Students from the University of Victoria, Camosun College and tenant advocates will rally Saturday during the public hearing for Saanich’s unrelated occupancy bylaw.
Currently, the number of unrelated residents allowed to share a home in Saanich is limited to four. Some say the bylaw is unfair while others worry about problems that could be created for neighbours if more unrelated individuals are permitted to reside in a single home.
Saanich council has proposed an amendment to the zoning bylaw to increase the number of unrelated people who can share a home from four to six. Residents and community members will be able to have their say on the zoning amendment at the Saturday hearing which will take place via conference call at 10 a.m. Participation is expected to be high as unrelated occupancy is an “item that has considerable community interest,” according to Saanich Mayor Fred Haynes.
The University of Victoria Students’ Society (UVSS) says the current bylaw limits the supply of affordable housing and exacerbates the local housing crisis. Students who cannot afford to rent legally feel forced to live above occupancy limits which leaves them without tenant protections and puts them at risk of abuse, predatory landlords and living in unsafe or illegal spaces, the Society says.
“You can’t leave an unsafe home if you can’t find another one,” says UVSS director of campaigns and community relations Emily Lowan. “Although this is just the first step, the proposed amendment improves both housing availability and affordability in Saanich and will help make Saanich a safer place for its residents.”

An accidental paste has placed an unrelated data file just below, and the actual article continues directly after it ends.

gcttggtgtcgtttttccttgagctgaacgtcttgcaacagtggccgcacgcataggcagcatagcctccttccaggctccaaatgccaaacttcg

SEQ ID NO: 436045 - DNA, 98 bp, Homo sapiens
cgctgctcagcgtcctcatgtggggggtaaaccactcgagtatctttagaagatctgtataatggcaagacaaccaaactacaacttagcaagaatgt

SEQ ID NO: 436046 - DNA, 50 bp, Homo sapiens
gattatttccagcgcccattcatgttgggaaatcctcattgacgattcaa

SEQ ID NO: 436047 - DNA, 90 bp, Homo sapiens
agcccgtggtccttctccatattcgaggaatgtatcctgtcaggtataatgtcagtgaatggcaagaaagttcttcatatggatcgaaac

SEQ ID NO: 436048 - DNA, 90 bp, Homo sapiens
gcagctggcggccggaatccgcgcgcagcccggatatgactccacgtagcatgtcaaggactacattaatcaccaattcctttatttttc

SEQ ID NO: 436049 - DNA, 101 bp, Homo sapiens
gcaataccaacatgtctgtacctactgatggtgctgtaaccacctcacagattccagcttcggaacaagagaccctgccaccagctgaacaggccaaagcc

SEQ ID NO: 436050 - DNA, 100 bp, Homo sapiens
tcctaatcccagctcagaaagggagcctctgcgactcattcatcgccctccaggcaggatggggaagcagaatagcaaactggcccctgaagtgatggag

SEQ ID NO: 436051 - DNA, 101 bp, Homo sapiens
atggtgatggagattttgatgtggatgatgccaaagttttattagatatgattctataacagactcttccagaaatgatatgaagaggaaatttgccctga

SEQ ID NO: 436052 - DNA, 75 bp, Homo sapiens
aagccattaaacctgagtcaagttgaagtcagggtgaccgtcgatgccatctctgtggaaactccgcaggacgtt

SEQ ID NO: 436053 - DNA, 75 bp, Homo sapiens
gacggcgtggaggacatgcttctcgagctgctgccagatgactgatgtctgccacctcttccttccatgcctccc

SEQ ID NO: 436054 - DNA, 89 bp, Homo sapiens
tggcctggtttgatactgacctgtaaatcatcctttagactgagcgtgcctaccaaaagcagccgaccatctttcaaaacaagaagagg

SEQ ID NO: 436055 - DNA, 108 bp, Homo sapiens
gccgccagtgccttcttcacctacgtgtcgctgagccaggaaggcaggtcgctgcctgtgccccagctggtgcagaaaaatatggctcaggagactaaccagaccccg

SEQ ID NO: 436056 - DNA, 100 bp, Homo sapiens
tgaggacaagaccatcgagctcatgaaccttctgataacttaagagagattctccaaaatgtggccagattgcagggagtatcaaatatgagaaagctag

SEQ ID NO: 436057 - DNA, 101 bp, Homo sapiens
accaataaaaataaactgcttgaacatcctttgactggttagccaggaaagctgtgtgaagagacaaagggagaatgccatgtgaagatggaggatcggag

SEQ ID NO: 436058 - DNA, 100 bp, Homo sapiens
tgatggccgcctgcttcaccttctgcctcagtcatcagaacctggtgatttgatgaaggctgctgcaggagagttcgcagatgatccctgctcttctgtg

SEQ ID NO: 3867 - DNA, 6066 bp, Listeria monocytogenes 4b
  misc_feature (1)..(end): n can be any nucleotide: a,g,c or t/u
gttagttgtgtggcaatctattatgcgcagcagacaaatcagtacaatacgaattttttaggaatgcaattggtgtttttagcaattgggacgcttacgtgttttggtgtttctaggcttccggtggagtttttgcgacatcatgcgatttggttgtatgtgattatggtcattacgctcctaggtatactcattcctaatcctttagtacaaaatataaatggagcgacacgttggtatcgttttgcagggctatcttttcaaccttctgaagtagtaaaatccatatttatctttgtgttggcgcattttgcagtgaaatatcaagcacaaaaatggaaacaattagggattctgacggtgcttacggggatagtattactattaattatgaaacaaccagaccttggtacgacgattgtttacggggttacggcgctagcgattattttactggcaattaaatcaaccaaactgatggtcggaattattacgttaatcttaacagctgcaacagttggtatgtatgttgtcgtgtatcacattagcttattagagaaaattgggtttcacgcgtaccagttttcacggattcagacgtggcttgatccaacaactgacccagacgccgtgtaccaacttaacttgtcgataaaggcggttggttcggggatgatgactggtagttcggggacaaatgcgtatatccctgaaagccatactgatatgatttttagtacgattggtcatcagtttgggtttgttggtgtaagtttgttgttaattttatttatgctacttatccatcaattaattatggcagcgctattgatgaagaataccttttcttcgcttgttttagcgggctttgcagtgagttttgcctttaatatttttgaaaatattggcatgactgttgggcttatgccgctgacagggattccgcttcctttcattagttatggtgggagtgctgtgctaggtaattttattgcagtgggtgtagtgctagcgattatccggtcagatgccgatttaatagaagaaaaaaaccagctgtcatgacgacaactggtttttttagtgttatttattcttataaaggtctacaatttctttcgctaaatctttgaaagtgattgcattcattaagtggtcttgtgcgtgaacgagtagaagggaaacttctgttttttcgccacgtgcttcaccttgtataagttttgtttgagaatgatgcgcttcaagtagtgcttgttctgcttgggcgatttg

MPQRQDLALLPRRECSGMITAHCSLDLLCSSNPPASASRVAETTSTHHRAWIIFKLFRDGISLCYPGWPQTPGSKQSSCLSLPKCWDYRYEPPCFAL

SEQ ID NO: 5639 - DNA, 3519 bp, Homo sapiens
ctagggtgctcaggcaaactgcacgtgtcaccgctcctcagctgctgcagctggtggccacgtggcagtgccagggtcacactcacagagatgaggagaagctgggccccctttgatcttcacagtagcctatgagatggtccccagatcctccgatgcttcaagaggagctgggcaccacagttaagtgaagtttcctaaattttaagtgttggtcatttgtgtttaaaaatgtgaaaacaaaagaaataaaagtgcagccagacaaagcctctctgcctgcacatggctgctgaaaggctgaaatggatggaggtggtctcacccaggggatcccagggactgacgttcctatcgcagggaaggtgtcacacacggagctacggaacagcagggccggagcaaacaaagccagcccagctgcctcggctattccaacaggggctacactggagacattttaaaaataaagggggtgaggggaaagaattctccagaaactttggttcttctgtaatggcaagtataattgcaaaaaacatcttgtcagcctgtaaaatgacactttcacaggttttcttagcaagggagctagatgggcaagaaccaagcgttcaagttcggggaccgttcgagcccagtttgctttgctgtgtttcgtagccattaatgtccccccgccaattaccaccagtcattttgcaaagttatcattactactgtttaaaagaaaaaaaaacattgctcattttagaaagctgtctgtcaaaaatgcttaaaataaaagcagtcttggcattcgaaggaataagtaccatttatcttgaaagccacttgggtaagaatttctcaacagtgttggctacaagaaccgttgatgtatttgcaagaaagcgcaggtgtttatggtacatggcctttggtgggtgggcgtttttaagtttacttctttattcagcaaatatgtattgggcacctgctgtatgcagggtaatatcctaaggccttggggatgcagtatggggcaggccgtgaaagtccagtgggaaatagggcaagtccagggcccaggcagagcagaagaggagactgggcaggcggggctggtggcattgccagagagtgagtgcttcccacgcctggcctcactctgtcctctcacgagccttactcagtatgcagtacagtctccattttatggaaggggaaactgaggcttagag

The COVID-19 pandemic has also impacted community members, particularly those who are low-income and marginalized according to UVSS. Those same individuals are “disproportionately” affected by unaffordable and inaccessible housing, UVSS says.
“It typically costs over $1,500 a month to rent a one-bedroom apartment in Saanich, if you can even find one. That’s simply out of reach for the majority of single people in this municipality,” says Ethan Dennett a steering committee member of the Victoria Tenant Action Group.
He says students and other renters pay as much as half of their incomes for rent and even sleep in cars and on couches while going to school in some cases. Dennett says municipalities should be working to lessen the housing crisis.
Anyone wishing to speak at the public hearing is asked to register by e-mail at email@example.com or by phone at 250-475-5501 before noon on June 19. Residents must indicate which meeting they wish to speak at and the topic they’ll address.
Instructions for participation will be sent to the registered participants by e-mail and speakers are asked to tune in to the live stream at saanich.ca for information about when to call in.
Written comments can be submitted by e-mail, mail or in the drop box outside municipal hall until noon the day before the hearing. All correspondence will be part of the public record.
“This bylaw is not about parking, it is not about noise disturbances and it’s not about unsightly premises,” says Emma Edmonds, a UVic student who was evicted in 2019 due to the Saanich bylaw.
She says the “unnecessary” bylaw impacts students and low-income renters and that the “criminalization” of roommates should be stopped.
“All residents in Saanich deserve to feel safe and secure in their homes.”
–With files from Devon Bidal